WASHINGTON, April 10 (UPI) -- Capital Comment -- Daily news notes, political rumors, and important events that shape politics and public policy in Washington and the world from United Press International.
Who's your member? -- Ideological lines are hardening over the bid by former Fort Wayne, Ind., Mayor Paul Helmke to oust incumbent Rep. Mark Souder, R-Ind., from his House seat. Souder is a reliably conservative vote while Helmke is a liberal Republican whose campaign is encouraging Democrats and Independents to cross party lines and vote for him in the GOP primary. Close to one-third of the district is new to Souder but it is so solidly Republican that the winner of the primary probably determines the winner of the general election. Washington organizations are closely monitoring how the National Republican Congressional Committee behaves in this race, watching to see if the NRCC, which has a policy of supporting incumbents in primaries, works as hard for Souder as they have for more liberal GOP'ers who were challenged from the right, like New Jersey Rep. Marge Roukema.
Step forward -- The president's volunteer initiative may breath new life into AmeriCorps, the Clinton-created volunteer program once targeted for elimination by congressional Republicans. A newly reformed, reborn AmeriCorps is going to play a key role in the initiative, especially in the area of helping existing programs leverage their power to recruit volunteers. One idea under consideration is to provide grants to organizations only after they have explained how they will take the federal dollars and use them to recruit and manage real volunteers, unpaid workers giving of their time and talents to address a pressing social or community need. Programmatic success is going to be measured by the number of man-hours of work individual grants are able to spark.
But on such short notice -- The Republican National Committee is busy organizing a new voter contact program it is calling "The 72 hour initiative." Fearing their ground game will be overwhelmed by the last minute get out the vote efforts of labor unions and civil rights groups, the RNC is investing considerable time and resources in the identification of likely GOP voters and the establishment of a network of personal contacts to make sure they turn out to vote. In Georgia, as one example, 3,000 activists reportedly are being trained to go door-to-door between April and the November elections, building a list of targeted voters who will receive turn-out calls, mail and the personal touch to get them to the polls.
What a turn off -- New York State Democratic Committee Chairman Denny Farrell wants Republican Gov. George Pataki to get off the television, at least as far as state-funded tourism ads are concerned, until after the November election. The use of taxpayer dollars for "self-promotion" is, Farrell said, "inappropriate," pointing out that, "When he was in the (New York State) Assembly, Pataki voted for a bill to bar the governor from appearing in taxpayer-funded advertisements altogether, not just in the last six months of an election year."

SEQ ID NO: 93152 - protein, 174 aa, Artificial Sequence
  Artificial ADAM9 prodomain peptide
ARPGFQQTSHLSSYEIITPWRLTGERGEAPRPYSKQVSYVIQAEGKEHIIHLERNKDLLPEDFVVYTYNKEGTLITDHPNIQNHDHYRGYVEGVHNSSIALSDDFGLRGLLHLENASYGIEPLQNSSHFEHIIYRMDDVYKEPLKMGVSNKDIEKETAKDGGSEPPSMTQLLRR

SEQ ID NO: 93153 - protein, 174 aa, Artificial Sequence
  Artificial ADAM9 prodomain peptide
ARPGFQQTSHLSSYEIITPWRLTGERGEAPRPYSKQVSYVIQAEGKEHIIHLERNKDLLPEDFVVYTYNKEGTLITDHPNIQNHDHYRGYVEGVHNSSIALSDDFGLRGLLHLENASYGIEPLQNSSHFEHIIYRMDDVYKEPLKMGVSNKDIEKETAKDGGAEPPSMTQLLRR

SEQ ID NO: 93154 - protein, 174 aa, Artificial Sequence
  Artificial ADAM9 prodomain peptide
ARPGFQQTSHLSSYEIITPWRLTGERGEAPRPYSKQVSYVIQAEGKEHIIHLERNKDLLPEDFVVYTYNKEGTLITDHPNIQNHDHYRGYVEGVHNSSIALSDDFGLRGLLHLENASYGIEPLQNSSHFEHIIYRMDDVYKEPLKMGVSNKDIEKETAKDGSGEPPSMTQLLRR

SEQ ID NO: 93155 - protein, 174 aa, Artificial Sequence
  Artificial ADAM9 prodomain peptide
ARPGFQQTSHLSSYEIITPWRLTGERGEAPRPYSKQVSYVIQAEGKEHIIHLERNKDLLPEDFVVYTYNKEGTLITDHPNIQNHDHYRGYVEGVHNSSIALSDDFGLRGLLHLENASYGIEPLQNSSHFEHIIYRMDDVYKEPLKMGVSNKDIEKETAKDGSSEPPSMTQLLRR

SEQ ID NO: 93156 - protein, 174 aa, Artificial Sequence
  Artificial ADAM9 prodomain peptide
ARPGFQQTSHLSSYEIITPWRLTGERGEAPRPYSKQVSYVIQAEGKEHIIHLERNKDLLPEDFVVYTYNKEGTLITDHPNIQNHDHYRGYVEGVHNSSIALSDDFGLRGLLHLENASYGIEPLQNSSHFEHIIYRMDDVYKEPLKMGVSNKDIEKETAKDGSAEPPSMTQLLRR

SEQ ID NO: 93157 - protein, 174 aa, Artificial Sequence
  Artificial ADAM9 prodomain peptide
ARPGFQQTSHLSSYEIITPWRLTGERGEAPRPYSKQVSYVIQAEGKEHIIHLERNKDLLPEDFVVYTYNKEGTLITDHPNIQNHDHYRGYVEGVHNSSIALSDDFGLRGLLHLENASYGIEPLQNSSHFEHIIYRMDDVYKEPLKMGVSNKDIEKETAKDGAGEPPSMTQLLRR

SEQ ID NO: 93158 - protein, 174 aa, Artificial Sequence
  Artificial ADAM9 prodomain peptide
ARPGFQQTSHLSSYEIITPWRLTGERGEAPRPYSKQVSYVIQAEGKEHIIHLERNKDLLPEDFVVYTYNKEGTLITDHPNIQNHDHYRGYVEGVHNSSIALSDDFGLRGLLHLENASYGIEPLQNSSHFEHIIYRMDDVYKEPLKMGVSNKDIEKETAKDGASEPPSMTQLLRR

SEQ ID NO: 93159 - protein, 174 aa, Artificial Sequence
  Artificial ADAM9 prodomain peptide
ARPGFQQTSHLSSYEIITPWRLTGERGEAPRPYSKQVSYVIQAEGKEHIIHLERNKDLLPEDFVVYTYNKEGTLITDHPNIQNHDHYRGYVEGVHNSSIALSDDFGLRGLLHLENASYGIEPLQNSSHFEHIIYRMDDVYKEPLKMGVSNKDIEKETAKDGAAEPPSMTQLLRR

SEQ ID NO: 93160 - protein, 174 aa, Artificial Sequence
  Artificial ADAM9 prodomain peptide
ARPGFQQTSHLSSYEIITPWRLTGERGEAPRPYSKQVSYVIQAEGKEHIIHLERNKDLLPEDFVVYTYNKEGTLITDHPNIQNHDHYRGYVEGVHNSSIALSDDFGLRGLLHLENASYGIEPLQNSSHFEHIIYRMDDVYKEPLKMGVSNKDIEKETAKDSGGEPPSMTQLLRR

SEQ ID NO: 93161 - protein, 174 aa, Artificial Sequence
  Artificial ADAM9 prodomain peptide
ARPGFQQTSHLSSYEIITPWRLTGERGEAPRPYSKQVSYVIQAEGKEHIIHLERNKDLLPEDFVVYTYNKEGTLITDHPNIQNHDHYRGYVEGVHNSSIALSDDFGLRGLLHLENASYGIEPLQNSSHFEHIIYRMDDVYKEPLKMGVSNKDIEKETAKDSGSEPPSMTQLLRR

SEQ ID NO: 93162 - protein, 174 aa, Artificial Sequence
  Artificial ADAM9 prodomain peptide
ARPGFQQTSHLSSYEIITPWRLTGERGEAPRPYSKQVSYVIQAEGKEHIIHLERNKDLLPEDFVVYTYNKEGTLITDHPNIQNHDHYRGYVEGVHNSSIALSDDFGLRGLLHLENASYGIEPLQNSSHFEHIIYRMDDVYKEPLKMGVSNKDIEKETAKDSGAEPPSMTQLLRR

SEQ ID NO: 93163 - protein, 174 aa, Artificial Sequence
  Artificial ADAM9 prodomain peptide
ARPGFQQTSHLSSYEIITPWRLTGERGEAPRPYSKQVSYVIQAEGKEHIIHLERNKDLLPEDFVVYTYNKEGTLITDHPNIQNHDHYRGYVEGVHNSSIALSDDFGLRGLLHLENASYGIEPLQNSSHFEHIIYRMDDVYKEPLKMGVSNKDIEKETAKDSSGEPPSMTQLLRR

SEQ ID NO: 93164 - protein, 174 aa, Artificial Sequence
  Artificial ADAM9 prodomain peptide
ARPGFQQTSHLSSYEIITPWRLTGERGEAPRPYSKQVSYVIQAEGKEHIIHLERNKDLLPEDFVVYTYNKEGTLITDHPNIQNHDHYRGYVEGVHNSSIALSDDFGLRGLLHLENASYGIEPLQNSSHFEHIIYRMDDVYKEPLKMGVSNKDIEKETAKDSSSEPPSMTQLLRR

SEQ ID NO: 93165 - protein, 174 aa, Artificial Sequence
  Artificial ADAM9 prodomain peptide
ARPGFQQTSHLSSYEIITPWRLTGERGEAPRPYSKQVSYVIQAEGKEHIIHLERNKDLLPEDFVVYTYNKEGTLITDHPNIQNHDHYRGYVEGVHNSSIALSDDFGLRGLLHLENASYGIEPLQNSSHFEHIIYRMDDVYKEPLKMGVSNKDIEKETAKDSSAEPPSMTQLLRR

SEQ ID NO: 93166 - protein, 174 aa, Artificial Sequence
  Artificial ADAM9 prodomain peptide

Not so Simple Simon -- GOP businessman Bill Simon, the Republican candidate for governor of California, is in Washington meeting with party leaders about his race. On Wednesday, Simon is scheduled to meet with President George W. Bush and with senior White House strategist Karl Rove. Likely topping the agenda is the unenthusiastic reception Simon has gotten from a several key Bush allies in California after his upset primary victory.
Monday night, Simon addressed the major donors to GOPAC, the political committee once headed by former Delaware Gov. Pete du Pont and, later by former House Speaker Newt Gingrich.
The surprisingly soft-spoken Simon, who has never before run for public office, took great pains to stress his status as a political outsider and his business background. Simon called the current California state budget, with its $17 billion deficit, "one of the grossest examples of mismanagement I've ever seen," and told the crowd, "In my world, (Democrat Gov. Gray Davis) wouldn't be running for re-election; he would be looking for a new job."
You can bank on it -- Edward B. Rust Jr., chairman and chief executive officer of State Farm Insurance Co., has been named the new chairman of The Financial Services Roundtable, a trade association representing the interests of banking, insurance and investment companies. "During just the past two years, the American marketplace has greatly evolved with banking, insurance and investment services now coalescing under the financial services banner," Roundtable President Steve Bartlett said. Rust is the first insurance executive to serve as chairman of the Roundtable.
Mapmaker, mapmaker, make me a map -- Republican efforts to hold on to control of the U.S. House of Representatives went off the tracks Monday as a federal three-judge panel threw out Pennsylvania's new congressional district lines on the grounds the deviation rate of 19 -- meaning the district could have 19 more or 19 fewer people then the ideal number -- was too high and violated the constitutional principle of one man, one vote. Current projects hold that the new map will change the partisan nature of the state's congressional delegation from 11 Republicans and 10 Democrats to 13 Republicans and six Democrats. The legislature has three weeks to fix the problems before the court takes control of the process. Republicans likely will appeal to Pennsylvania's State Supreme Court.
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